SS Dancer

SS DANCER 
During the recent Lake Rotoiti Classic and Wooden Boat show I spotted the steam boat – Dancer, her owner and builder John Olsen supplied the following details. 

Dancer is a 30 foot long steam launch, designed by Peter Sewell and built by John and his wife Diana. The engine is a compound twin, designed by A.A Leak and built by John. The boiler is a 3 drum type.designed by Andre Pointon. (Colonial Iron Works) and also built by John apart from welding by a certified welder. In the top photo, the tender on the Aft deck is a folding dinghy, called Kahikitea and mostly built from that timber.


Dancer is equipped for sleeping aboard, with a head compartment and blackwater tank, a small galley with gas cooker, sink, and fridge, and solar panels on the cabin top to provide electric power. The boiler is fired with diesel. Myself I like wood/coal fired but her diesel set up must make life a lot simpler, and we like that 🙂

TUI – Clinker Steam Boat

SS TUI – Kauri Clinker Steam Boat
It thought that Tui’s 15’ kauri clinker hull was built c.1920, then as part of her transformation to a steam boat the hull was restored where necessary and the exterior was fully clad in f/glass.For the steam boys I have reproduced the mechanical specs below from her tme listing (thanks Ian McDonald):

The boiler is of the Ofeldt type with a 6mm thick steel central drum and has 12 1/2″ copper coils surrounding it. The boiler is fast steaming, reliable and safe. Stainless steel cladding and stainless steel funnel. The steel firebox with adjustable dampers runs on char, coal and wood.

The 2hp engine is by Wayne Larsen and is single cylinder double acting 2.5″‘bore x 2.75″ stroke. It has a balanced crankshaft and semi balanced slide valve, with Stephenson’s reversing gear, twin boiler water pumps and a vacuum pump with exhaust steam passing through a feed water heater and keel condenser to the stainless steel hot well. The propeller is 14.5″ x 23″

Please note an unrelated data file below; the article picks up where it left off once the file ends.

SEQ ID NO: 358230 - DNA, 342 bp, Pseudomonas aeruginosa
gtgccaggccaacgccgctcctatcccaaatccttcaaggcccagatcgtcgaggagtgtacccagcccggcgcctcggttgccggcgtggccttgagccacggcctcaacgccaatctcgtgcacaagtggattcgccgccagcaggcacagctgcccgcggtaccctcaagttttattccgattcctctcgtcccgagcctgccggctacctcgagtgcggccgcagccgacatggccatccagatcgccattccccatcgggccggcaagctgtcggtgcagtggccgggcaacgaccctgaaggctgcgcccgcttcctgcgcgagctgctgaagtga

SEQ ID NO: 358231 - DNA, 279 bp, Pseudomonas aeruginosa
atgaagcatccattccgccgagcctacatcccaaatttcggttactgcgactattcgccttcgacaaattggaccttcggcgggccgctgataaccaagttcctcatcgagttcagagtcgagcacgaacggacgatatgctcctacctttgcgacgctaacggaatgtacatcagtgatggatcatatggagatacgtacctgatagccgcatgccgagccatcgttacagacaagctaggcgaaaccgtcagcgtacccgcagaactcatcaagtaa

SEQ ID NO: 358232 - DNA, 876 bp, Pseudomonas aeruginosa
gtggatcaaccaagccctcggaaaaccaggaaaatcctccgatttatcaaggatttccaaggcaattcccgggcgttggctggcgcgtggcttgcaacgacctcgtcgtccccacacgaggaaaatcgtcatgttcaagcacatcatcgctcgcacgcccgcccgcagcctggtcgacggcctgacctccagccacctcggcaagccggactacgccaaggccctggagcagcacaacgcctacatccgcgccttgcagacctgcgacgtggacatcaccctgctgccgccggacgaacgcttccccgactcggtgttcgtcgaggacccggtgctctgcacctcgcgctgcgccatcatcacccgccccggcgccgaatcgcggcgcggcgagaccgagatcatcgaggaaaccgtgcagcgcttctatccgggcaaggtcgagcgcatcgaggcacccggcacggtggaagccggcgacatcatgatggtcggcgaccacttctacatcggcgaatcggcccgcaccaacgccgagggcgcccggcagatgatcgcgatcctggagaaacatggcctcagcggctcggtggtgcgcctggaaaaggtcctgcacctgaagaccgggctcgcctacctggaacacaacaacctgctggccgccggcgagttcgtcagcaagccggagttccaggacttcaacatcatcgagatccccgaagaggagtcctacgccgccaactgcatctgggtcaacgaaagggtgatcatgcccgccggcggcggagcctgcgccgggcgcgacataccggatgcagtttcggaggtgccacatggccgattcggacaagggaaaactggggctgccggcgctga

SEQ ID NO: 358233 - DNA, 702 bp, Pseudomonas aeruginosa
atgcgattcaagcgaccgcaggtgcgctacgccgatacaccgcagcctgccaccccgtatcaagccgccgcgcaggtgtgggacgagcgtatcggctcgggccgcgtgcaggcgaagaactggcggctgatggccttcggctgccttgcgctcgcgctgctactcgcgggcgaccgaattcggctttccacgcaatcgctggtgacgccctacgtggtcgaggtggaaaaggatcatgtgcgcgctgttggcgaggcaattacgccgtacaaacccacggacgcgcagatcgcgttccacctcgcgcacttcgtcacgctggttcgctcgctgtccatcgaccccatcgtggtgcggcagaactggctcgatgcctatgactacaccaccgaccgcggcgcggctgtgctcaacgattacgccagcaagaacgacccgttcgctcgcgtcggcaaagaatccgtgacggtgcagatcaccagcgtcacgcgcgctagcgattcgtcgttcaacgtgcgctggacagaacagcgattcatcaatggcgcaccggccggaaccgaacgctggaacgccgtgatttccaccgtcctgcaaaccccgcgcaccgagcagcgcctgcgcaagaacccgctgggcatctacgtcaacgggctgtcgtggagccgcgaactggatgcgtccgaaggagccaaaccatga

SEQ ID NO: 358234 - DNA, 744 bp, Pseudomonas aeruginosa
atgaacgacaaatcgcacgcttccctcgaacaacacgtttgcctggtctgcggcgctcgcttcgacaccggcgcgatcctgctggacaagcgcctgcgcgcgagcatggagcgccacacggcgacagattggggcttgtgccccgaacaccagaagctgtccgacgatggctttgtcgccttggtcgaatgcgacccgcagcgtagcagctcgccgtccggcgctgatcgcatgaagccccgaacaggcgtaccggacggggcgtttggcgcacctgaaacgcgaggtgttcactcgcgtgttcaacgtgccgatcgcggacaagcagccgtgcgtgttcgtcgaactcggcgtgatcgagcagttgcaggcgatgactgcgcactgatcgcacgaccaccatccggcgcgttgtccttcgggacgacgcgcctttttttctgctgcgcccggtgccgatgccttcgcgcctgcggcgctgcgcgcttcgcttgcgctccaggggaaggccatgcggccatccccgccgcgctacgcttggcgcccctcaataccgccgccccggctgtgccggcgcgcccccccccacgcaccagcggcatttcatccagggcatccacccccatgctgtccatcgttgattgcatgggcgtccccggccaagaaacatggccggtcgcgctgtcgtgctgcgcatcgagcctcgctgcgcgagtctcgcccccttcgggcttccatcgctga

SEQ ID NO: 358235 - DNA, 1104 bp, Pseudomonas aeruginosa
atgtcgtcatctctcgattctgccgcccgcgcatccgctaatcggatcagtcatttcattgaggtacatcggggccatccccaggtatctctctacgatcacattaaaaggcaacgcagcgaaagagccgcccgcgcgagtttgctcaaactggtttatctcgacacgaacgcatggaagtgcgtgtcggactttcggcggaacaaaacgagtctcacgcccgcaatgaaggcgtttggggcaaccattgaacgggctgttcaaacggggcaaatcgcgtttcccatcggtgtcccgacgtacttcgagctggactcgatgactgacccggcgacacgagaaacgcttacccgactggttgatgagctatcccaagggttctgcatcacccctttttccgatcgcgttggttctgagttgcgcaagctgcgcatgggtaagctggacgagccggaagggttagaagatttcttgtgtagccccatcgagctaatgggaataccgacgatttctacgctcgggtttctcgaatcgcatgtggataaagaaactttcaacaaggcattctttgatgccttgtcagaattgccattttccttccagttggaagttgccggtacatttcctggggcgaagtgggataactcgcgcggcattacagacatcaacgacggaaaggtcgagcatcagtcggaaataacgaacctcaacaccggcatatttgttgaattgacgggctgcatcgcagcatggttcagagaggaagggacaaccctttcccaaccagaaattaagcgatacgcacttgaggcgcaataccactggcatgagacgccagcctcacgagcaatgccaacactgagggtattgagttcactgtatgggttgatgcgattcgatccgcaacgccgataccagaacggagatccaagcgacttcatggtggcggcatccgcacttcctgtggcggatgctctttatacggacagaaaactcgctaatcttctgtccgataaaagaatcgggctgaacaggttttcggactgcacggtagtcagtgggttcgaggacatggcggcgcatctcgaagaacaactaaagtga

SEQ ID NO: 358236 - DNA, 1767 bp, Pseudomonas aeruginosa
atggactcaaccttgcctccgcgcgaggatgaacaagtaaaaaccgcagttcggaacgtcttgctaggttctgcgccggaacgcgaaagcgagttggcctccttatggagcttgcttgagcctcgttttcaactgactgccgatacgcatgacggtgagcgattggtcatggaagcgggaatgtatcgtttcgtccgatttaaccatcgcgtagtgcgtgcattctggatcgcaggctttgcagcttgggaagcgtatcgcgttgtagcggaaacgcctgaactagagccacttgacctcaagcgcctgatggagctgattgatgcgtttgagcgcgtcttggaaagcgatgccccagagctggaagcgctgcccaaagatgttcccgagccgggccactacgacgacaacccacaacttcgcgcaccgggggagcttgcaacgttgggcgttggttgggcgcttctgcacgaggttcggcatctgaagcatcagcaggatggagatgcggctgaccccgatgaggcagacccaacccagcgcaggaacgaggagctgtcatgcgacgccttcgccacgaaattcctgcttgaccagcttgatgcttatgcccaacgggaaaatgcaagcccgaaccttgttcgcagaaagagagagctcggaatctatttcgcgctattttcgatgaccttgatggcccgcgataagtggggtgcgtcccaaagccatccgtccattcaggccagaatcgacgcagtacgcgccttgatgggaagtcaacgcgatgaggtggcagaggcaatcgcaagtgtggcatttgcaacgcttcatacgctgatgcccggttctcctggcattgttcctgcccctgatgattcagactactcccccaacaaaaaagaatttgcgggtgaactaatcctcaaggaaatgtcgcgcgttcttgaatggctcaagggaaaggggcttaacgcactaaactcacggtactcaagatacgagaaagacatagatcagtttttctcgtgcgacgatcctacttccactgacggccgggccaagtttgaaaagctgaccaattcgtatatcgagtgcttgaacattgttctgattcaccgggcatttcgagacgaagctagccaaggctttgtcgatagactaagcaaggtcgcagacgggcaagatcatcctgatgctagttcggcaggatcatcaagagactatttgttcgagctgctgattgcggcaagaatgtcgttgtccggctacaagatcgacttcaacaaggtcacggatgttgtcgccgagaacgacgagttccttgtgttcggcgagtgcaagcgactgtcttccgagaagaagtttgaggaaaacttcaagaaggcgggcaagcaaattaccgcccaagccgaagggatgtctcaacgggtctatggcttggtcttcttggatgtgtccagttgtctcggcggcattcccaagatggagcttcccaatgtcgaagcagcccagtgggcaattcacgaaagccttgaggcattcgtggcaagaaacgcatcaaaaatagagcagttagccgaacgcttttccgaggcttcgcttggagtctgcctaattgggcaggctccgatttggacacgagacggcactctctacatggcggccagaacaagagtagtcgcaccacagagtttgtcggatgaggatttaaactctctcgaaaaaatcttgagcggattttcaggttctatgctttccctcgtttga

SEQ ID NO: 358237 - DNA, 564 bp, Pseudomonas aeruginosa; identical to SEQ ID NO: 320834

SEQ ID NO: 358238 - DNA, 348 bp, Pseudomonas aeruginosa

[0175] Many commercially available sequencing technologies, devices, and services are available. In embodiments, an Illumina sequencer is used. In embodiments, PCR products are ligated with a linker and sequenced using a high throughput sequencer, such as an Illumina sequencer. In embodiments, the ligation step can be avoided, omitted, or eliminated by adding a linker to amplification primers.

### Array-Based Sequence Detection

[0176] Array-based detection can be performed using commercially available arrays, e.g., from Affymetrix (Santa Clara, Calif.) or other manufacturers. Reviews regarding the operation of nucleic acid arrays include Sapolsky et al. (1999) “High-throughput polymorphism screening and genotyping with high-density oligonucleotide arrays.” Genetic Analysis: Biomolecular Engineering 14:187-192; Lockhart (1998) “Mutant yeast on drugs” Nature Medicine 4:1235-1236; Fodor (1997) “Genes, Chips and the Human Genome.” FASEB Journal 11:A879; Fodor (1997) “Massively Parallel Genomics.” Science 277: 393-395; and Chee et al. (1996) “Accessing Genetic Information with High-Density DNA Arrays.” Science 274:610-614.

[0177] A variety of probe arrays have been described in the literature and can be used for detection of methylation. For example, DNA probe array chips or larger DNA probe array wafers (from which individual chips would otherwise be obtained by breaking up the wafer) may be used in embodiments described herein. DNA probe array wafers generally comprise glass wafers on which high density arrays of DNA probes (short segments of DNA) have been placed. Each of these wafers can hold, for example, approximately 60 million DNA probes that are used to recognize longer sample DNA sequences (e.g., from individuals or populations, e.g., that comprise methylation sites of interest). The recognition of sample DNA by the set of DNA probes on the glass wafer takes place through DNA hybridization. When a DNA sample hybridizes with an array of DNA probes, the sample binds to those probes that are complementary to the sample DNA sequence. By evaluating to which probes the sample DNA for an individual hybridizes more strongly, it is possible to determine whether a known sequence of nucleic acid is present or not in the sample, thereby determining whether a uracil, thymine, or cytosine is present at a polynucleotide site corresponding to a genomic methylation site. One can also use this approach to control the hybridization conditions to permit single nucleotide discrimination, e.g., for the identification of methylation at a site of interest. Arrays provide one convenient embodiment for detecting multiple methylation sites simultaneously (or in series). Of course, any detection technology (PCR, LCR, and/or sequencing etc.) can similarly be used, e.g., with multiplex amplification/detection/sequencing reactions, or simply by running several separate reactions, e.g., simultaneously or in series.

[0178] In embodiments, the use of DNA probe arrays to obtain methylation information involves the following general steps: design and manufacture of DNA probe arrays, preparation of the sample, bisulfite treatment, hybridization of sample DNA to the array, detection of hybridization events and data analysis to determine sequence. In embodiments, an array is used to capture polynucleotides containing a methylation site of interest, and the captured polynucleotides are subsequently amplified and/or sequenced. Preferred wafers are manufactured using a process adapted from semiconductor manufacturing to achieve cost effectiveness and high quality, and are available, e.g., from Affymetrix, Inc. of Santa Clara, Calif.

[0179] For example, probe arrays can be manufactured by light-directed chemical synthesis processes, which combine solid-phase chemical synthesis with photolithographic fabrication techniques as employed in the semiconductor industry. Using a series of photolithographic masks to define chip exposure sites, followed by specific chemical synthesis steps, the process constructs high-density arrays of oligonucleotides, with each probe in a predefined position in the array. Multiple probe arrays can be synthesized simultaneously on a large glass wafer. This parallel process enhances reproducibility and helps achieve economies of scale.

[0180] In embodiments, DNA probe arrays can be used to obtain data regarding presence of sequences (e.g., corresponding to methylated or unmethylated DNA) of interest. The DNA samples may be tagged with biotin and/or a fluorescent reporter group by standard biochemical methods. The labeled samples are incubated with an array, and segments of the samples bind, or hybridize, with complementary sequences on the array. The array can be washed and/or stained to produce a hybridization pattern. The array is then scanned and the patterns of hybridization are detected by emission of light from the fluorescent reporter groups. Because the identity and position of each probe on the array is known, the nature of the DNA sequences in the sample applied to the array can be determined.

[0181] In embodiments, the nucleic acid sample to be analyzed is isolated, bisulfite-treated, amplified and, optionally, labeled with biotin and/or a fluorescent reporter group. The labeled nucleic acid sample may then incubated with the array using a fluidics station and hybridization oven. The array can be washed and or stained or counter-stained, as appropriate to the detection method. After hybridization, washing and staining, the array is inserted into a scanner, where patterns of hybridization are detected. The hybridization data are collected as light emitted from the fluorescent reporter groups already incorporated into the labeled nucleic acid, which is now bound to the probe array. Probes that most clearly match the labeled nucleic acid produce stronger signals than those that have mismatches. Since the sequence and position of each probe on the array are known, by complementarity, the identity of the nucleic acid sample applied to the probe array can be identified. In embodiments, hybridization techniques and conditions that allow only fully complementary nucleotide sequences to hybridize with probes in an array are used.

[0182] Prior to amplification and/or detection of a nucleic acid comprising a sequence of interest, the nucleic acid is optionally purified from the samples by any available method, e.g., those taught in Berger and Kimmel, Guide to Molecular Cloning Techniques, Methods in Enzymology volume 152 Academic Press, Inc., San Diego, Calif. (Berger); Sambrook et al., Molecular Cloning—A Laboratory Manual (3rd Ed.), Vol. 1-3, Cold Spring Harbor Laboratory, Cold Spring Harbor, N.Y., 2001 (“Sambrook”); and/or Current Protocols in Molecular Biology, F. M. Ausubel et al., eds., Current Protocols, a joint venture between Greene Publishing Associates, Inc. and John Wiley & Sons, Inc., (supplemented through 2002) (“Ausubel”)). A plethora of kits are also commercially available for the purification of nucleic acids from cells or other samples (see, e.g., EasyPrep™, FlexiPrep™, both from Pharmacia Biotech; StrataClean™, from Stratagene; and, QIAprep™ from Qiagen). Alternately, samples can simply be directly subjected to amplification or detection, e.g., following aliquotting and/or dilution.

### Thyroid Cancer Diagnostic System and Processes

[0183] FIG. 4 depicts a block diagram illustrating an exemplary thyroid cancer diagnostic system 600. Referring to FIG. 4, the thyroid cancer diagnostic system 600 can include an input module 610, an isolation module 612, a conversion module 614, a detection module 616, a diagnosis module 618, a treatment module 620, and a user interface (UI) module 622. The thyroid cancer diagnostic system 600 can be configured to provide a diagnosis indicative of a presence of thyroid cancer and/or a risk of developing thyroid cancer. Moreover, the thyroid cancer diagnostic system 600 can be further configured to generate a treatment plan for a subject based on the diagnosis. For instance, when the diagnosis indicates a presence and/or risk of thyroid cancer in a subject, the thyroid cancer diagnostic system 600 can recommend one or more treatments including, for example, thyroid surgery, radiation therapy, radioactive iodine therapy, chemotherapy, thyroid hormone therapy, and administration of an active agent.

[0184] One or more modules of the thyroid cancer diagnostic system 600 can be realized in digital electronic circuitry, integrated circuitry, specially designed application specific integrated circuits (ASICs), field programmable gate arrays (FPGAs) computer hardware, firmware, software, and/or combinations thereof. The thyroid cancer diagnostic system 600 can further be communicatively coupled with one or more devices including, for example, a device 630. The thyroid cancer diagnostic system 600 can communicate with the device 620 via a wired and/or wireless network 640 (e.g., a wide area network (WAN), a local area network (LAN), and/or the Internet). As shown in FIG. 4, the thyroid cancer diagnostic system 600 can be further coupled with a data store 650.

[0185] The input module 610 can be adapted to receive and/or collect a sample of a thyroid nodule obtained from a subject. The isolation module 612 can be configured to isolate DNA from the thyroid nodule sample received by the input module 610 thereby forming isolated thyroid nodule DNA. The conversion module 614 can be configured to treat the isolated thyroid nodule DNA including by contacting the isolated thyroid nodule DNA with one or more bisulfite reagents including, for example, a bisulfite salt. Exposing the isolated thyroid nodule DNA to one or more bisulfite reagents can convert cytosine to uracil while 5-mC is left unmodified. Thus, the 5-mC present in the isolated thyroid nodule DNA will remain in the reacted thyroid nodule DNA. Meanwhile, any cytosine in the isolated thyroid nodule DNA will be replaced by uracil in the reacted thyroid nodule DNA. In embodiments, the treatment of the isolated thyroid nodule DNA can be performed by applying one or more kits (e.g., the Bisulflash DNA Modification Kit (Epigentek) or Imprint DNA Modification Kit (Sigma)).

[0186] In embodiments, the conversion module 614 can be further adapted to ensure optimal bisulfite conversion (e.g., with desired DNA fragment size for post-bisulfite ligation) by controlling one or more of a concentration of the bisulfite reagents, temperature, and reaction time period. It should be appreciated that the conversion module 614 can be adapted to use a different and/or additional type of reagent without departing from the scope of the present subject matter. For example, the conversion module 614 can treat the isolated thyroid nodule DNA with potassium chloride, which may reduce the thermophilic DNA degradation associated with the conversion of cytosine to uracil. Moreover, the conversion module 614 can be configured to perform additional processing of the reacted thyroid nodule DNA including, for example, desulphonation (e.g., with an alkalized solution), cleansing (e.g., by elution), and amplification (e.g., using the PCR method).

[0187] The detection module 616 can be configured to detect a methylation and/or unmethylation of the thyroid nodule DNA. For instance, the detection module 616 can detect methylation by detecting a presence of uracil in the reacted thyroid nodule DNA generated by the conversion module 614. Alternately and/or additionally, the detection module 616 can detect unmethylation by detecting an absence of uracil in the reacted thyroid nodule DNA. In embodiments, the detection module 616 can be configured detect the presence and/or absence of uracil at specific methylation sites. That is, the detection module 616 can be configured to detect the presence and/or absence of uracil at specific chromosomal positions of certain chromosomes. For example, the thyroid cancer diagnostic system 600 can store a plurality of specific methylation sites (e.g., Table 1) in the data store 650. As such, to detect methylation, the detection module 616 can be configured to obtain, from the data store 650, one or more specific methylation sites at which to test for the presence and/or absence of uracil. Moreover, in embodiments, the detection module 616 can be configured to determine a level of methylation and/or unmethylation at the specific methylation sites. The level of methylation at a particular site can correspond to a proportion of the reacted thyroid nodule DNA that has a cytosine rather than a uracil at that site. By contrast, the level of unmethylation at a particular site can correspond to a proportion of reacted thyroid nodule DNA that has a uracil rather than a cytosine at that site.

An auxiliary boiler hand pump and is fitted with an electric water pump as a backup. A Stainless steel top-up water tank is in the transom with a stainless steel hot well placed just in front of the Boiler. A Steam bilge ejector is fitted for removal of any bilge water.

She is fitted with a Windermere Kettle to allow the crew to make a hot cup of tea/coffee on the run.

The Best of Colin Wild + Herreshoff Steam Launch

The Best of Colin Wild + Herreshoff Steam Launch
The top two photos of the Brooke families 1927 Colin Wild launch – Linda comes to us via Mitchell Hutchings fb ex the Williamson Family Collection. Linda at the time was moored at Herald Island.

The bottom photo I took today of Wirihana tucked up in Chris McMullen’s shed for her winter TLC. Wirihana is another of Wild’s big motorboats, built in 1933.


It was great to see that CMcM’s Herreshoff steam launch (below) is coming along – engine installed 🙂

SS Duke of Marlborough

Duke of Marlborough copy

SS DUKE of MARLBOROUGH

I recently stumbled across the above photo of the steam ship – Duke of Marlborough and knowing nothing about her put a call into Russell Ward aka Mr Steam. The man is never embarrassed to speak so – take it away Russell, WW is all yours…..

“Once, 30+ years ago, I built up a steamboat called “Gypsy”. So pull up a chair, warm yourselves by the fire and I’ll tell you a story which isn’t about “Gypsy” at all, it’s about the “James Torrey” which became the “Duke of Marlborough”.